The global service sector saw both output and new orders expand at the weakest rates for 11 months in December, with the moderation in new business growth especially sharp. The December reading for the global services PMI was 53.1, down from 53.9 in November. The average index reading through 2015 as a whole (53.9) was a shade lower than that for 2014 (54.1).
Output in the US expanded at the slowest pace for almost a year in December, while growth in China was only marginal and the weakest during the current 17-month sequence of increase. Rates of output expansion in the Eurozone, Japan and the UK either matched, or stayed close to, those registered in the prior month. In contrast, steep and accelerated downturns were signaled in Brazil and Hong Kong, while a faster decline in output was also signaled in Russia. France slipped back into contraction.
Growth of incoming new business also slowed to an 11-month low in December. Job creation which tends to lag trends in activity and demand accelerated nonetheless, reaching a three-month high. Staffing levels were raised in the US, the eurozone, the UK and China. Employee numbers were unchanged in both Hong Kong and India, but were cut back sharply in Russia and Brazil.
Consumer services was the only category to record a contraction in output during December, as growth of new orders slowed and employment stagnated. In contrast, business services and financial services companies recorded solid rates of expansion in activity, new business and employment.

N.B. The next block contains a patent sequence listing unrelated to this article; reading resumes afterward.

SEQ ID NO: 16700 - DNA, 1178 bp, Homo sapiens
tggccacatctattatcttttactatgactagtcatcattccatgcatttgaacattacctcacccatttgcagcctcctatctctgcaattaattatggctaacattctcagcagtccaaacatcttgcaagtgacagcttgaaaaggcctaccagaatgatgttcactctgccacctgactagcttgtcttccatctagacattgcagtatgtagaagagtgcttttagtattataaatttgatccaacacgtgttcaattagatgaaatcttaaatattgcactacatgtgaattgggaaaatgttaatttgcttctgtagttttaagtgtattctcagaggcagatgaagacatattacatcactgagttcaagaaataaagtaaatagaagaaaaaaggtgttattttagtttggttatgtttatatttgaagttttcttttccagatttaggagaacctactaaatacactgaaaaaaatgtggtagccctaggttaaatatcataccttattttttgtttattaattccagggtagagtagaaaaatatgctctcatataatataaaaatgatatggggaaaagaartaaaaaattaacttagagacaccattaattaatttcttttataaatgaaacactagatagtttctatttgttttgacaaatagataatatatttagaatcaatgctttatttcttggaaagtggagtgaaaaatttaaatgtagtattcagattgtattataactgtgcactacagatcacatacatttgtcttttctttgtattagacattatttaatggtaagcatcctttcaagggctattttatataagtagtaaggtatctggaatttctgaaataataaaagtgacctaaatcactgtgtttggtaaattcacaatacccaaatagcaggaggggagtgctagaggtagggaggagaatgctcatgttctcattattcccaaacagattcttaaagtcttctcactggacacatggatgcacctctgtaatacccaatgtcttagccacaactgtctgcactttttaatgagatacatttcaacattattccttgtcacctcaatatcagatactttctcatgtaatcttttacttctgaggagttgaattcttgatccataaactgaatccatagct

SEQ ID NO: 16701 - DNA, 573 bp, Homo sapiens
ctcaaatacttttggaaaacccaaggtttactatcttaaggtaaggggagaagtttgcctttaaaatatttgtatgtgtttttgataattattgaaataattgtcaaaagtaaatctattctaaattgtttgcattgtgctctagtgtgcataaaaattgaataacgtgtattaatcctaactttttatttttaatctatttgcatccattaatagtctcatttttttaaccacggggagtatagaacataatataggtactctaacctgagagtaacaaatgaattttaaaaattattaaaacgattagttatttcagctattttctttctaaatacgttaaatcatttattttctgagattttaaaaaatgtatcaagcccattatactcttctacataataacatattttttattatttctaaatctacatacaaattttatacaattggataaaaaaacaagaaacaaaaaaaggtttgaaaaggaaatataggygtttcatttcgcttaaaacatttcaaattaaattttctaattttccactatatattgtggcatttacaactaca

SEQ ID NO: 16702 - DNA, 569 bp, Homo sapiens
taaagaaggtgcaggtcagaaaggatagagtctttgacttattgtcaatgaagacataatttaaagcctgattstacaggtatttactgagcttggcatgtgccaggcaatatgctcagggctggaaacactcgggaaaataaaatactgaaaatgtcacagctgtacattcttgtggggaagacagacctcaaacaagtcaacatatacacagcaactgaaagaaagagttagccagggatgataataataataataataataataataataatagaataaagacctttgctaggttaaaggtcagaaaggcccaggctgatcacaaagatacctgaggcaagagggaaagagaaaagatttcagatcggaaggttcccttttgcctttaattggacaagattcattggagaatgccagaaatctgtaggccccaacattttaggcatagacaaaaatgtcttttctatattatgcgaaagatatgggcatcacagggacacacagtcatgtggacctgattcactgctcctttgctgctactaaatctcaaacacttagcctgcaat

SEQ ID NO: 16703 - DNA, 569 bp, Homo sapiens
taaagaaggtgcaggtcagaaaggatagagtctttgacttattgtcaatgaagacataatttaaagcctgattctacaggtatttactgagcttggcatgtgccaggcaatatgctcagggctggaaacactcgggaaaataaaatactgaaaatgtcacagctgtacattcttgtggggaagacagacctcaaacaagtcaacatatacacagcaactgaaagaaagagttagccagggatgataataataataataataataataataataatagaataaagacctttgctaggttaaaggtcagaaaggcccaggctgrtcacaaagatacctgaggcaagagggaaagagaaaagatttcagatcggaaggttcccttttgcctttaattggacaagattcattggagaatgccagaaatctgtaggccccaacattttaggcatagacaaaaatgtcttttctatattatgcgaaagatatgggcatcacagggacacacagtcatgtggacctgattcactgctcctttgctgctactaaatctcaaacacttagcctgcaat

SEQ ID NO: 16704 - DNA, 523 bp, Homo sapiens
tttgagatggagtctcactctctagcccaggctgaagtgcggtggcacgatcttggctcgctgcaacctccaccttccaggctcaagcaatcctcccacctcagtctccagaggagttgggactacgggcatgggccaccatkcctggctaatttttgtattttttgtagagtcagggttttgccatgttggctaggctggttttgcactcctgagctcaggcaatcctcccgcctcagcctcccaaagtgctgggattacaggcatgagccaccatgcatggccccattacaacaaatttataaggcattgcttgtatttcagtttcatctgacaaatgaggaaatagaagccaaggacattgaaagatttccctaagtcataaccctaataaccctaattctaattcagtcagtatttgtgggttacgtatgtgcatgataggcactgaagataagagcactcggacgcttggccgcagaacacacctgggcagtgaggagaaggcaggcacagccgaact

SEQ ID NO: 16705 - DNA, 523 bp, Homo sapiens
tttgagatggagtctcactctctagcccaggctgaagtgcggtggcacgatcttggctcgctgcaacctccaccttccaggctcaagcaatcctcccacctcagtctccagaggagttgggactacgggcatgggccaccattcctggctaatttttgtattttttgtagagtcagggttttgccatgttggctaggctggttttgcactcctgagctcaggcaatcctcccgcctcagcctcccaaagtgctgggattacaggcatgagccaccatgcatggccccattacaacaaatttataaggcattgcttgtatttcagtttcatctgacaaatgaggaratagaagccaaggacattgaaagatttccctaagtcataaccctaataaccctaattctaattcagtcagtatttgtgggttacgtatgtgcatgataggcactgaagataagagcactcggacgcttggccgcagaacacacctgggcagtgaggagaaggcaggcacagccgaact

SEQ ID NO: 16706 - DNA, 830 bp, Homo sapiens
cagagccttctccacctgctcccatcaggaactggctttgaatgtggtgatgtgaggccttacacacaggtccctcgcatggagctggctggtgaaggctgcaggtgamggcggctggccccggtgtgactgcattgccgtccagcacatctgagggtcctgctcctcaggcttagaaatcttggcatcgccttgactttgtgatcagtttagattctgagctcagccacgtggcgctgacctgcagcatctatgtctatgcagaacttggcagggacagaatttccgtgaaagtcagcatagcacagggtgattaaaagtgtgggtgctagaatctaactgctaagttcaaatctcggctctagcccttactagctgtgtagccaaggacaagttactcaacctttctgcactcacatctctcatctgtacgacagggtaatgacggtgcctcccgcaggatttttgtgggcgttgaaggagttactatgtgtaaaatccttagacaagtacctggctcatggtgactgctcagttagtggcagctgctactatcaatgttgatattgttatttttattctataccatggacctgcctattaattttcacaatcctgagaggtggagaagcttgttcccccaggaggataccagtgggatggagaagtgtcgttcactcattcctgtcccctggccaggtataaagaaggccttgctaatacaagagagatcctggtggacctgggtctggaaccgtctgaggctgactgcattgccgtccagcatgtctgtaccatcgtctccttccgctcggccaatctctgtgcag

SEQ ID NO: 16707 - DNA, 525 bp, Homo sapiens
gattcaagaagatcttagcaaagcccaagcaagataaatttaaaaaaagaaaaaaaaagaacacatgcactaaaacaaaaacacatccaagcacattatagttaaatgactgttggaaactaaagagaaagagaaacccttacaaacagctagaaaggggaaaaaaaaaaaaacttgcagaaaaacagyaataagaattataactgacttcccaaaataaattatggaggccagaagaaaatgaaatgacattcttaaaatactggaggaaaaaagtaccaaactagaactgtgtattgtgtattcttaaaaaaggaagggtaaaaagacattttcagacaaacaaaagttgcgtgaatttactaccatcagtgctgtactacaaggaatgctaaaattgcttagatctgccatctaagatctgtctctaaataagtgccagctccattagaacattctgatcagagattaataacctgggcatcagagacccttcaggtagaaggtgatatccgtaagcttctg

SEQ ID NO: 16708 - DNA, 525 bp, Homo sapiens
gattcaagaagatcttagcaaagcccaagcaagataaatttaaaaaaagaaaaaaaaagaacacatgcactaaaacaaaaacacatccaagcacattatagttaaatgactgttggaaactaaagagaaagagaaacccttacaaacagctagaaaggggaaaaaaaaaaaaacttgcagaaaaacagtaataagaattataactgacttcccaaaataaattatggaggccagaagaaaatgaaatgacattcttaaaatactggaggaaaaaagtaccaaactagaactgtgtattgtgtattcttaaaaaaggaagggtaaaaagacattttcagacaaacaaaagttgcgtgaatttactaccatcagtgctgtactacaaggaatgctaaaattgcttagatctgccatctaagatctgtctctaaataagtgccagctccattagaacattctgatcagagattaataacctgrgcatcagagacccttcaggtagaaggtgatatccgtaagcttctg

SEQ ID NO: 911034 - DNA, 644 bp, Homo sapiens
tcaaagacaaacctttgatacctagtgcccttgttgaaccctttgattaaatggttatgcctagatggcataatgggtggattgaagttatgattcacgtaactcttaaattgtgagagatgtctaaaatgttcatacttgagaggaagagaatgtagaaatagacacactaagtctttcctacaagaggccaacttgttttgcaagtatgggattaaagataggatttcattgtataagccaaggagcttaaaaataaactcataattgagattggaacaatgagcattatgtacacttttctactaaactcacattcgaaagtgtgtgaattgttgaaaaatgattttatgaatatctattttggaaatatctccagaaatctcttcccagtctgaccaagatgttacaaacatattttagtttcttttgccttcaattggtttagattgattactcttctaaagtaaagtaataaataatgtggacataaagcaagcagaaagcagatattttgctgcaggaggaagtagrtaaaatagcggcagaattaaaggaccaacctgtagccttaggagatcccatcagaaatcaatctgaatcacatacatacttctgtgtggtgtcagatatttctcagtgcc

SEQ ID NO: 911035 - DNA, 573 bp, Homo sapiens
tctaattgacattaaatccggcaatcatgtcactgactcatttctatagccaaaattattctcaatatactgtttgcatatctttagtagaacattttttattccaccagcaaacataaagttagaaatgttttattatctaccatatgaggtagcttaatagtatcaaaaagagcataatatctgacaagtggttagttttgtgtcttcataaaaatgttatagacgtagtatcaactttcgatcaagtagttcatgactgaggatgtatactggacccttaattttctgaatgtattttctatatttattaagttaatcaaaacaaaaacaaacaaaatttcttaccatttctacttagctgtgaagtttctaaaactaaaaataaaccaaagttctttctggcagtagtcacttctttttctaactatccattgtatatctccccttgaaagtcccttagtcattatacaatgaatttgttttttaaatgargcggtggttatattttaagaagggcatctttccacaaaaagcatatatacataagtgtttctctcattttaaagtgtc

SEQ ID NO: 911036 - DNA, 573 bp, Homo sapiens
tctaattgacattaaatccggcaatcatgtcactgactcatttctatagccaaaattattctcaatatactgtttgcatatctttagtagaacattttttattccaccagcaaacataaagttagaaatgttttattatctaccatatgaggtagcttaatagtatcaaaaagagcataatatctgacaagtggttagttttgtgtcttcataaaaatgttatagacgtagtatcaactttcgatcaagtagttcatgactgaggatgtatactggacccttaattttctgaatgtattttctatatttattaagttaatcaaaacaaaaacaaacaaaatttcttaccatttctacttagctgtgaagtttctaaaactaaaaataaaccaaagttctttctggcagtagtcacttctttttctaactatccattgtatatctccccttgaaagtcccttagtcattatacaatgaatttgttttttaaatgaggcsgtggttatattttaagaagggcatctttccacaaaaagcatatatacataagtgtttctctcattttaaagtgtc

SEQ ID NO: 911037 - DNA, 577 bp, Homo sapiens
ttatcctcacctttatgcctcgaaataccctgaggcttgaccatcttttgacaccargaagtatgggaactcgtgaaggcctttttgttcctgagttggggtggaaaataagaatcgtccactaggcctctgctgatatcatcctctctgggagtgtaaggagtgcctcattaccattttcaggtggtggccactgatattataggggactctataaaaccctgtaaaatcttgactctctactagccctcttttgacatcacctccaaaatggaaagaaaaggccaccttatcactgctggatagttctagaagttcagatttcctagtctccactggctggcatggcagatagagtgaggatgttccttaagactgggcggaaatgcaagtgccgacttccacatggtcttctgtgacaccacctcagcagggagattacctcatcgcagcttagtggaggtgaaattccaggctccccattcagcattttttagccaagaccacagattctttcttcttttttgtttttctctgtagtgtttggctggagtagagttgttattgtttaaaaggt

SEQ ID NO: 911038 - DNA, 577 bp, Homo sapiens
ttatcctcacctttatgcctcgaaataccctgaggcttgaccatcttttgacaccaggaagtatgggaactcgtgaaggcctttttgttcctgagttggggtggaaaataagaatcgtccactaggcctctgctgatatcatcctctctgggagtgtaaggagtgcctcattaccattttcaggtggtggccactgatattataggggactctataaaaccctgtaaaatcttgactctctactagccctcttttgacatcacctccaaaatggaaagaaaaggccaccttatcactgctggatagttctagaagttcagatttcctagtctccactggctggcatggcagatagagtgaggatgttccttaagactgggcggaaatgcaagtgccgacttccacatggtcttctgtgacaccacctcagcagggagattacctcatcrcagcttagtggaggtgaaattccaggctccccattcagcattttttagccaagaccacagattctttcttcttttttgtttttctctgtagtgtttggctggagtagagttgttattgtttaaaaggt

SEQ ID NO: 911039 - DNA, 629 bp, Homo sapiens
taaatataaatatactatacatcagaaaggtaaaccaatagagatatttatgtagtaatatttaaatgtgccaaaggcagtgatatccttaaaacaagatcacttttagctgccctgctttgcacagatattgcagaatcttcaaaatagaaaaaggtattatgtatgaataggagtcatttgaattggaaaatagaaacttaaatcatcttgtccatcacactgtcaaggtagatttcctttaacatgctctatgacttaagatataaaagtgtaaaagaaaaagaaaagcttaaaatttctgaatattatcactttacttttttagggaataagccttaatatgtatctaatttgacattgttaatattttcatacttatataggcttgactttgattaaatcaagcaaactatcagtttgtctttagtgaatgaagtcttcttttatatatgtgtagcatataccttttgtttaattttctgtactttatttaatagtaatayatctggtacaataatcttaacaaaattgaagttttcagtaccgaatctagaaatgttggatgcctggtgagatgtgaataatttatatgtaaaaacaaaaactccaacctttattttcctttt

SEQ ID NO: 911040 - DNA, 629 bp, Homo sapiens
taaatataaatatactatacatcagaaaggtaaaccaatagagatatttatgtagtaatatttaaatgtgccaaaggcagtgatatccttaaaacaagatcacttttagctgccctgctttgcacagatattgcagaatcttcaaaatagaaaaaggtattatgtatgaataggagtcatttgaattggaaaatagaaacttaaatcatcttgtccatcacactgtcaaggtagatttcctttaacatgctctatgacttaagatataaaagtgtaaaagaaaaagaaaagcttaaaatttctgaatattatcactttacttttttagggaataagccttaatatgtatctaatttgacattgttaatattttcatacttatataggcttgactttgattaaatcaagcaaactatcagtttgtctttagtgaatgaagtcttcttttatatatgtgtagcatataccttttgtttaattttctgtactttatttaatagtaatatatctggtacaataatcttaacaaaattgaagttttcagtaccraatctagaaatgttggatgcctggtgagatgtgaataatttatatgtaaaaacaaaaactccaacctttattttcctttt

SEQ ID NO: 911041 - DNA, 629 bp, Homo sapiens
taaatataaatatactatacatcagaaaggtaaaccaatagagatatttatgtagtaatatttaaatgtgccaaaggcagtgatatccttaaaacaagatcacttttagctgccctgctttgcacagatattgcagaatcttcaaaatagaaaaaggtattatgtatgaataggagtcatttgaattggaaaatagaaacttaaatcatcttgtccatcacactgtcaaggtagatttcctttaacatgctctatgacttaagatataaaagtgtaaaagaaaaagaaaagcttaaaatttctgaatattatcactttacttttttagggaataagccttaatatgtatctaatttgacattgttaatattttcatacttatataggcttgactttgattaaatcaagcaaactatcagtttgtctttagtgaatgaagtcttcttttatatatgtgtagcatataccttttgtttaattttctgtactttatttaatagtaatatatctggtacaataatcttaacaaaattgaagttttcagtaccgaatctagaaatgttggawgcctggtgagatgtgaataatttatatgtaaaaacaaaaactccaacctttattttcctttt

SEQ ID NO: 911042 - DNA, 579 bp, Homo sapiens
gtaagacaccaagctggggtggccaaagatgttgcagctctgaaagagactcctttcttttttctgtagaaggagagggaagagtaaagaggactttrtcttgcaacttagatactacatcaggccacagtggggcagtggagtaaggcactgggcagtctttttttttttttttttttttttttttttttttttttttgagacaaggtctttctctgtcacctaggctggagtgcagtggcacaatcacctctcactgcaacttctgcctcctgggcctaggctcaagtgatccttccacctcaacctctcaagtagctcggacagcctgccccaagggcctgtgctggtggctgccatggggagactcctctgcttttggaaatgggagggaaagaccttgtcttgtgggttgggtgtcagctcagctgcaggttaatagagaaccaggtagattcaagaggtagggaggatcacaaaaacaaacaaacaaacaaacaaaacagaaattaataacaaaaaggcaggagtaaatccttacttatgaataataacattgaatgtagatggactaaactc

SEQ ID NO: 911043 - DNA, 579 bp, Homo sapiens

JP Morgan Global Services PMI gives an overview of the global services sector. It is based on monthly surveys of over 5,500 executives from 15 of the world's strongest economies, including the U.S., Japan, Germany, France and China which together account for nearly 80 percent of global services sector's gross value added (GWA). It reflects changes in global output, employment, new business, backlogs and prices. The Global Services PMI is seasonally adjusted at the national level to control for varying seasonal patterns in each country and is produced by J.P. Morgan and Markit in association with ISM and the International Federation of Purchasing and supply Management (IFPSM).
Investors need to keep their fingers on the pulse of the economy because it dictates how various types of investments will perform. The J.P. Morgan Global Services PMI provides advance insight into the global services sector, which gives investors a better understanding of business conditions and valuable information about the economic backdrop of global markets. The stock market likes to see healthy economic growth because that translates to higher corporate profits. The bond market prefers less rapid growth and is extremely sensitive to whether the economy is growing too quickly and causing potential inflationary pressures. The PMI data are also used by many Central Banks to help make interest rate decisions.
The JP Morgan Global Services PMI data give a detailed look at the manufacturing sector, how busy it is and where things are headed. Since the services sector accounts for the lion's share of GDP of many advanced economies, this report has a big influence on the markets. In addition, its sub-indexes provide a picture of global output, employment, new business, backlogs and prices.
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